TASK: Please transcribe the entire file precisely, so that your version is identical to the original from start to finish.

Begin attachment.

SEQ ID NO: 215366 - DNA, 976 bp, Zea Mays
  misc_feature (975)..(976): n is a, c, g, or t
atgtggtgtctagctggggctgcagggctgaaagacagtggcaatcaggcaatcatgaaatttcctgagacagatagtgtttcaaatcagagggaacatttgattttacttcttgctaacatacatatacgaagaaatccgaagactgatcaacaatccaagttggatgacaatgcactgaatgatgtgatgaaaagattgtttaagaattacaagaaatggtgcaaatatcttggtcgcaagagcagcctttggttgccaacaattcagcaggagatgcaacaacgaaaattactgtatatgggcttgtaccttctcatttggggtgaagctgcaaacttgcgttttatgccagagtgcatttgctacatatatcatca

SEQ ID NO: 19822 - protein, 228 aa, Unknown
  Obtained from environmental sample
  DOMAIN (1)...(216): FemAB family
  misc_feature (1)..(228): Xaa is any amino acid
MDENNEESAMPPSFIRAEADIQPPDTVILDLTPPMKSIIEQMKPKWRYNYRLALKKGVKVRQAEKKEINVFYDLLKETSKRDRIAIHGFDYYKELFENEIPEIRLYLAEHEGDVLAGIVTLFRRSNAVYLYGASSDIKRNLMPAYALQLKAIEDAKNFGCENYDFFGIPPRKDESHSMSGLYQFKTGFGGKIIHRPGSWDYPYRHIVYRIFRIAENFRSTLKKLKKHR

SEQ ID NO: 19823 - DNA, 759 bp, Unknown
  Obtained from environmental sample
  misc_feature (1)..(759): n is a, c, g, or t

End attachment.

SEQ ID NO: 215366 - DNA, 976 bp, Zea Mays
  misc_feature (975)..(976): n is a, c, g, or t
atgtggtgtctagctggggctgcagggctgaaagacagtggcaatcaggcaatcatgaaatttcctgagacagatagtgtttcaaatcagagggaacatttgattttacttcttgctaacatacatatacgaagaaatccgaagactgatcaacaatccaagttggatgacaatgcactgaatgatgtgatgaaaagattgtttaagaattacaagaaatggtgcaaatatcttggtcgcaagagcagcctttggttgccaacaattcagcaggagatgcaacaacgaaaattactgtatatgggcttgtaccttctcatttggggtgaagctgcaaacttgcgttttatgccagagtgcatttgctacatatatcatca

SEQ ID NO: 19822 - protein, 228 aa, Unknown
  Obtained from environmental sample
  DOMAIN (1)...(216): FemAB family
  misc_feature (1)..(228): Xaa is any amino acid
MDENNEESAMPPSFIRAEADIQPPDTVILDLTPPMKSIIEQMKPKWRYNYRLALKKGVKVRQAEKKEINVFYDLLKETSKRDRIAIHGFDYYKELFENEIPEIRLYLAEHEGDVLAGIVTLFRRSNAVYLYGASSDIKRNLMPAYALQLKAIEDAKNFGCENYDFFGIPPRKDESHSMSGLYQFKTGFGGKIIHRPGSWDYPYRHIVYRIFRIAENFRSTLKKLKKHR

SEQ ID NO: 19823 - DNA, 759 bp, Unknown
  Obtained from environmental sample
  misc_feature (1)..(759): n is a, c, g, or t